Breaking Through! An Artist’s Guide to Professional Work Ethics

Lets say you’re a designer and the following situation happened: “You have a busy life managing a serious relationship with your lover, a part time job at a restaurant on the other end of town, a few college classes and a freelance art career. You receive a commission to do spot illustrations for a publishing agency, but you have a 3-day deadline. Between juggling your multiple lives, you barely had enough time to work on the commission and reach the deadline.

The truth is folks, no matter how talented we are as artists and designers, we are constantly challenged to keep a balanced life and work with in tight deadlines. In this article I’m going to discuss how creating a work ethic to suite your needs will not only improve your ability to produce work and time manage, but also to better establish yourself as a designer in the art community.


What is a work ethic?

A work ethic is the steps and manner in which you take to execute a goal or project; that is the time spent researching, idea planning, goofing around and actually working that makes up one’s process. Whether you’re a student or professional, a work ethic helps maintain the balance of your multiple lives.


Humans are creatures of habit, we have a morning routine and periods blocked out for work and free time, and however time management becomes a constant challenge because of keeping up with social obligations, distractions and daily life. Time management is an important skill that any budding professional should learn. A good way to establish a schedule is to consider what needs to be done within your calendar. Aside from plotting time for work and friends, seriously consider breaking down a project into tasks and allocating time into your schedule to execute them.

Time Management

Now that a schedule has been established, its time to get crackin! But here’s the thing, what exactly are you working on? A good practice is to have a to-do list tracking what needs to get done by today as well as future projects. By doing this, you not only stay on topic, but have less moments of daydreaming and trying to figure out what to do. Another great advantage is that you can track your progress and understand the next step.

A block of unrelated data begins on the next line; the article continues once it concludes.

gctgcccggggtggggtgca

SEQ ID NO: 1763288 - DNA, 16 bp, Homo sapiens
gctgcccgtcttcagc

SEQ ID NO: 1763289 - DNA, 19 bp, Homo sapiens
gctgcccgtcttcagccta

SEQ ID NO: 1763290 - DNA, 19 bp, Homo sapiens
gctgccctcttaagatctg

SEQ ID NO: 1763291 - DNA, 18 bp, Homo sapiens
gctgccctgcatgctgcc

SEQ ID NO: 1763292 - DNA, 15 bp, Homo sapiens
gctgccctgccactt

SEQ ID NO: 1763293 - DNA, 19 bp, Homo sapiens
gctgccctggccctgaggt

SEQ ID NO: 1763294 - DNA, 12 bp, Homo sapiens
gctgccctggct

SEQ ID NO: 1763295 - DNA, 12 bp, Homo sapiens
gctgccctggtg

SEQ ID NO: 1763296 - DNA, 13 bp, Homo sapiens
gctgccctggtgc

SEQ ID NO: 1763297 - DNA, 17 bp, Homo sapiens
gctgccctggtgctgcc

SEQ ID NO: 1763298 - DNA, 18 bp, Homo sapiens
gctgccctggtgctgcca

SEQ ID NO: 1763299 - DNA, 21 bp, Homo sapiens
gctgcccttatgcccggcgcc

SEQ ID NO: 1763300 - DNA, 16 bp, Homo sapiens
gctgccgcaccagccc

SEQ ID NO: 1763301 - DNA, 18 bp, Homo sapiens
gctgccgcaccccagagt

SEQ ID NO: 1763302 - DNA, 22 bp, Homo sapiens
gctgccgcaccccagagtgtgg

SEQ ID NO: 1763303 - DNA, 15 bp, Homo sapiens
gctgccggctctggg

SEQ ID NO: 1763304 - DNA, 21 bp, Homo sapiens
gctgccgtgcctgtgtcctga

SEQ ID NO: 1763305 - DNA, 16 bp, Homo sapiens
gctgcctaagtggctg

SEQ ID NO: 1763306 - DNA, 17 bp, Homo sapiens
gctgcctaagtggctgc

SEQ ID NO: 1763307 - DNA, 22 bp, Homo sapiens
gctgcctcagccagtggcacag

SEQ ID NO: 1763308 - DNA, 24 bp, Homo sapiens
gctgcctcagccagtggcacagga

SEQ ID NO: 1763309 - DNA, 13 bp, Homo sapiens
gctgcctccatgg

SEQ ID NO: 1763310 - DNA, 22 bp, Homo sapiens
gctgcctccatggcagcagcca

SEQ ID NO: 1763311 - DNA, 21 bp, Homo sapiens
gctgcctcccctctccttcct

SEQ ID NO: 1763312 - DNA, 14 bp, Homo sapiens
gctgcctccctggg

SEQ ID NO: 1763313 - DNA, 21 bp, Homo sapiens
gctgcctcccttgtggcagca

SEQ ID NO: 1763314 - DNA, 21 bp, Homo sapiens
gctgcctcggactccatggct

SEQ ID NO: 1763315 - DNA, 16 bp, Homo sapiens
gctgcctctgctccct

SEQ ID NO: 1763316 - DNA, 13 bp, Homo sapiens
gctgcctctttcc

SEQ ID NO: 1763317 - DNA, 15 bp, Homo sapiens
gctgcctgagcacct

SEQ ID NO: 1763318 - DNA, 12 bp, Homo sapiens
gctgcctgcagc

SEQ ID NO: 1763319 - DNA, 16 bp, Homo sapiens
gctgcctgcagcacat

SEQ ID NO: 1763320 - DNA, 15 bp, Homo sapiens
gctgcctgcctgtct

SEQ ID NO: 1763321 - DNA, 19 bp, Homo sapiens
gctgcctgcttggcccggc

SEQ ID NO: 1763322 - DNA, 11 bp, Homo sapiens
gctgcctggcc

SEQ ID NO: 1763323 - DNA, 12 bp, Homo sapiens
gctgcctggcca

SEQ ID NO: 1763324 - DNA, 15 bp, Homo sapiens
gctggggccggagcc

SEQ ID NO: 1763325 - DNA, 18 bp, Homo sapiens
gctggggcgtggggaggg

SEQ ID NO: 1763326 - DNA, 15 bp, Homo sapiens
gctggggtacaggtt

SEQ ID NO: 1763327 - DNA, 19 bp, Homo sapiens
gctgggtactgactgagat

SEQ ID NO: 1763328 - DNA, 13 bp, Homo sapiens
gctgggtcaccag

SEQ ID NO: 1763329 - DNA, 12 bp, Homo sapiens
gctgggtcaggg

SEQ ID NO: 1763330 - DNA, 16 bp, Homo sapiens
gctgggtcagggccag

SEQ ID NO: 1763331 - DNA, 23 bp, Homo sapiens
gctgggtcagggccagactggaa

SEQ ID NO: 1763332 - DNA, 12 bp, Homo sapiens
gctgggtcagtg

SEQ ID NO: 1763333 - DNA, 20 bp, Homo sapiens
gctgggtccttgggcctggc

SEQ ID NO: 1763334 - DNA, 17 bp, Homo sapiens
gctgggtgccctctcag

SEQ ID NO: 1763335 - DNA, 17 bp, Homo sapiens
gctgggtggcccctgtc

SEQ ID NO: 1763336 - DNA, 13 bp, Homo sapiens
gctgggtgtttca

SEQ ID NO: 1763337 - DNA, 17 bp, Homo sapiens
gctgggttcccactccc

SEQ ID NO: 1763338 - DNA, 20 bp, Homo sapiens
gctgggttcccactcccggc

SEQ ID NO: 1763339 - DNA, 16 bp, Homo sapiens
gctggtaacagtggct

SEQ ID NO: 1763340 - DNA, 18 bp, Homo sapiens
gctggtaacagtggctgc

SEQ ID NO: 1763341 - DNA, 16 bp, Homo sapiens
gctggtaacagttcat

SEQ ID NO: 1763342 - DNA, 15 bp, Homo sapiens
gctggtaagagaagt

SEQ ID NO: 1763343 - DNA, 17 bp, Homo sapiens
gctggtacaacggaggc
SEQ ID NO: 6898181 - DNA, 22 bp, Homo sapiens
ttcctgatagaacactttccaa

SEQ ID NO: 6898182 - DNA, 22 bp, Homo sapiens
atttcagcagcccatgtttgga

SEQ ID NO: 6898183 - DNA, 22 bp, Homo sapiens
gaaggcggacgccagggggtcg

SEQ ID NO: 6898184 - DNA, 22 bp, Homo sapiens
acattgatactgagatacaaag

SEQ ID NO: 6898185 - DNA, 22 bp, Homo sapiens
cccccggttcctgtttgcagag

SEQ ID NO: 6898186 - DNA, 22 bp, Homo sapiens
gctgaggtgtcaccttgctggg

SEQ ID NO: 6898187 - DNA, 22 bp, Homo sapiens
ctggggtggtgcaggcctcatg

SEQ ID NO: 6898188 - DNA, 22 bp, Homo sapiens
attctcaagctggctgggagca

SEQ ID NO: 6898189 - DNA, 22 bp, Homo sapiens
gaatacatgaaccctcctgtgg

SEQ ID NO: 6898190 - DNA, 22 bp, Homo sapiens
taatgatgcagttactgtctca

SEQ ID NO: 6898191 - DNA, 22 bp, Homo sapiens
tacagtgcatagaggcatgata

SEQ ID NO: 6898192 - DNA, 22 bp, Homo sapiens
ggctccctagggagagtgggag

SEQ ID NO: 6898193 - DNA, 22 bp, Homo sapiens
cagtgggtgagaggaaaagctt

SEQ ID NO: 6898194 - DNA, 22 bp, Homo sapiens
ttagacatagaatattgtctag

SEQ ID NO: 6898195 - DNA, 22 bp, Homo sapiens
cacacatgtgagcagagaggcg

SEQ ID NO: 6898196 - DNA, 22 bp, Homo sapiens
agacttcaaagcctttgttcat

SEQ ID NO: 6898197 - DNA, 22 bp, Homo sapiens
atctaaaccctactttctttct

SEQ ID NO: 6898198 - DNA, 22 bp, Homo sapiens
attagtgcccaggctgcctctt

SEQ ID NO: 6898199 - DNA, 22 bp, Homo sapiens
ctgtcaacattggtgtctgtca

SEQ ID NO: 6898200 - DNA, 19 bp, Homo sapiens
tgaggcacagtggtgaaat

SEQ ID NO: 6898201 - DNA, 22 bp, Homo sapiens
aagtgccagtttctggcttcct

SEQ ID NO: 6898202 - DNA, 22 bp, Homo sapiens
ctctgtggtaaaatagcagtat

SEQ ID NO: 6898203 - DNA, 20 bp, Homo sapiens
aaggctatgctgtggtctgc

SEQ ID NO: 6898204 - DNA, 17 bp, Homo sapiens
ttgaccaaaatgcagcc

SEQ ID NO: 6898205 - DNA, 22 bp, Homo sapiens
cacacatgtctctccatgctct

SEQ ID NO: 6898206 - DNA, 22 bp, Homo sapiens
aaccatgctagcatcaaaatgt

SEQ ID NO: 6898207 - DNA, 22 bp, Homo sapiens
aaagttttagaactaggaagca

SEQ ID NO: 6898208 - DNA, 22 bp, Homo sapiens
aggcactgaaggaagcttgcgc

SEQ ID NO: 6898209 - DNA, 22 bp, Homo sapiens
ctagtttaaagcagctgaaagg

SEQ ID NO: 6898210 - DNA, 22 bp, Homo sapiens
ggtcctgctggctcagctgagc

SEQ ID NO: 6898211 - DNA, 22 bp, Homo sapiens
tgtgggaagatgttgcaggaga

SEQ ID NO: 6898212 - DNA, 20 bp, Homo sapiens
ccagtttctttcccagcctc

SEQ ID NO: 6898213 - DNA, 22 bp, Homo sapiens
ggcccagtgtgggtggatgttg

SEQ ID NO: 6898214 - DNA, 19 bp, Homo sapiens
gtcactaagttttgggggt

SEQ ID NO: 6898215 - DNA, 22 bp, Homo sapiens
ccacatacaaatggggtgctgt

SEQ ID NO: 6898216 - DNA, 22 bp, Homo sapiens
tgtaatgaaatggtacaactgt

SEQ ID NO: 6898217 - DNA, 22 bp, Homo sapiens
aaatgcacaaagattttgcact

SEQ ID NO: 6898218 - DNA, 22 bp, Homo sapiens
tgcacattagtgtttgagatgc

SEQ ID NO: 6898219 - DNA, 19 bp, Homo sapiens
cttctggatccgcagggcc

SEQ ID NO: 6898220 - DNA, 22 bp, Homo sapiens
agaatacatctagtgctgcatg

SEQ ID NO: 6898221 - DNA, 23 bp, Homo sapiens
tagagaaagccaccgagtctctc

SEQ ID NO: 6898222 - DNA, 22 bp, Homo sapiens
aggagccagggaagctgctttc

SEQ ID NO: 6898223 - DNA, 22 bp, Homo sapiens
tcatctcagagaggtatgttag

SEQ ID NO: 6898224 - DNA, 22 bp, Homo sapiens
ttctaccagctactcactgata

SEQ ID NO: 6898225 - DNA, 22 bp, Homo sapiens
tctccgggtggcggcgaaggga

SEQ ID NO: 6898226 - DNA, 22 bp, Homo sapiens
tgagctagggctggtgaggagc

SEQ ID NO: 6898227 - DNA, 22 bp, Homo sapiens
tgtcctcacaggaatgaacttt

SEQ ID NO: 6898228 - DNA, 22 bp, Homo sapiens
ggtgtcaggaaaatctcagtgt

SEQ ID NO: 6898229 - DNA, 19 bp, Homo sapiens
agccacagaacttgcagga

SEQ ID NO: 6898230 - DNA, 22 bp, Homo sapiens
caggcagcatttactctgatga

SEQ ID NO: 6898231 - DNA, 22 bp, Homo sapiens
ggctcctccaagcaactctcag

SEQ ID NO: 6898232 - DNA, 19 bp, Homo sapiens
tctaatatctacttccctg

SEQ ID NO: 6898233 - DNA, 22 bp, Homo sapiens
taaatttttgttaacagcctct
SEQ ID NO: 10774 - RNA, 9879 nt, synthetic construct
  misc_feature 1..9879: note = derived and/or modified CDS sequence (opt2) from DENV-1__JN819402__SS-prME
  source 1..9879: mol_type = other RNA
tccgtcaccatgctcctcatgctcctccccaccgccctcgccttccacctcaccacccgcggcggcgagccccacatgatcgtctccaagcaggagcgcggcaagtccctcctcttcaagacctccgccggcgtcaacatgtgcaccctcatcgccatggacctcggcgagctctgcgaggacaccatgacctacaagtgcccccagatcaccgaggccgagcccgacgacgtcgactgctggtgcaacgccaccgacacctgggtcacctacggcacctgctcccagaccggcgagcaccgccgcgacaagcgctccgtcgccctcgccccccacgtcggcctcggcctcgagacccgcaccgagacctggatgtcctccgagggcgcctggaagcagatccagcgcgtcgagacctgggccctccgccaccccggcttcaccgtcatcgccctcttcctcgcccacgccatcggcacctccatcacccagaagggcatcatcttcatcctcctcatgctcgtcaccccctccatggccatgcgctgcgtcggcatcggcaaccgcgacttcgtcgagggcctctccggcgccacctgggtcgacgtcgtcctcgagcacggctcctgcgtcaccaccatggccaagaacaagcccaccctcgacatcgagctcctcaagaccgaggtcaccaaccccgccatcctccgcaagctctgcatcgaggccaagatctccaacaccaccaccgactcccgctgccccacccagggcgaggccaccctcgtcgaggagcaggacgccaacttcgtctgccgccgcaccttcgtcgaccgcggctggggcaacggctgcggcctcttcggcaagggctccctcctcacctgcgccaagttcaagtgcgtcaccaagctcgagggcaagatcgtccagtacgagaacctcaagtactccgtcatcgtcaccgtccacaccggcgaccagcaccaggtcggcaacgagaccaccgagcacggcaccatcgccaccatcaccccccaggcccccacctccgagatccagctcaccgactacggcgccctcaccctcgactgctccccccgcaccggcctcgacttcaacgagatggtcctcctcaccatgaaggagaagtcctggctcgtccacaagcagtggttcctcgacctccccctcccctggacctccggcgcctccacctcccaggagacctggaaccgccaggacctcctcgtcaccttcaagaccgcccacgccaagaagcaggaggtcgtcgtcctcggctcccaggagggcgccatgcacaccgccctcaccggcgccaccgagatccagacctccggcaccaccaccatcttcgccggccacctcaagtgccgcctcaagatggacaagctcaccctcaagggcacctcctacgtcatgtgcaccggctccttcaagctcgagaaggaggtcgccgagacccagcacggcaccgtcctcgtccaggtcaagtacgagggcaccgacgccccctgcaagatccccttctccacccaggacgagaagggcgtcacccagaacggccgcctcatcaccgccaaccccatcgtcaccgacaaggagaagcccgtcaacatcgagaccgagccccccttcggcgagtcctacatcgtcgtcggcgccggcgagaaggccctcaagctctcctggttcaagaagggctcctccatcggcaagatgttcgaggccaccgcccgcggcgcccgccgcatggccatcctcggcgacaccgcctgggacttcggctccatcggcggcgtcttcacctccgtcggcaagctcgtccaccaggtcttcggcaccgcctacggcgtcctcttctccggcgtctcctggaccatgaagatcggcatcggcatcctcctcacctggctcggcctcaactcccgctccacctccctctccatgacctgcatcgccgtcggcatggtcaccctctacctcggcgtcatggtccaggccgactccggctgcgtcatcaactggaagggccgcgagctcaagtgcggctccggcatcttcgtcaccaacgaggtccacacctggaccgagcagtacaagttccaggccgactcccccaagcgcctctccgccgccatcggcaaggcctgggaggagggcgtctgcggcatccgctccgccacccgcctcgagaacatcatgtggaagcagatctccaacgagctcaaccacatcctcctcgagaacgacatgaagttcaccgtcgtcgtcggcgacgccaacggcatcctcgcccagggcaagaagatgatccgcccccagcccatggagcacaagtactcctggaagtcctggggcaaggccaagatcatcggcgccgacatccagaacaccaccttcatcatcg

Again, this is a simple but handy tool.

Know thyself

As a child growing up, I remember watching old reruns of the GI Joe cartoons that would have the following inspirational PSA, “Knowing is half the battle”. Well, this phrase is no truer when it comes to how you work. To better understand what kind of worker you are, you should ask yourself the following questions:

-Are you a night owl or early bird?

-Are you a designer that likes working on multiple things at once, or do you prefer focusing on one thing?

-Do you work better by getting a project done ahead of time, or do you prefer working to the last minute?

By figuring out the manner in which you work, you can effectively plan your schedule and work on projects. Now that I’ve discussed basic steps towards planning an effective work ethic, I’m going to outline a basic design process that I follow.

Contract Negotiation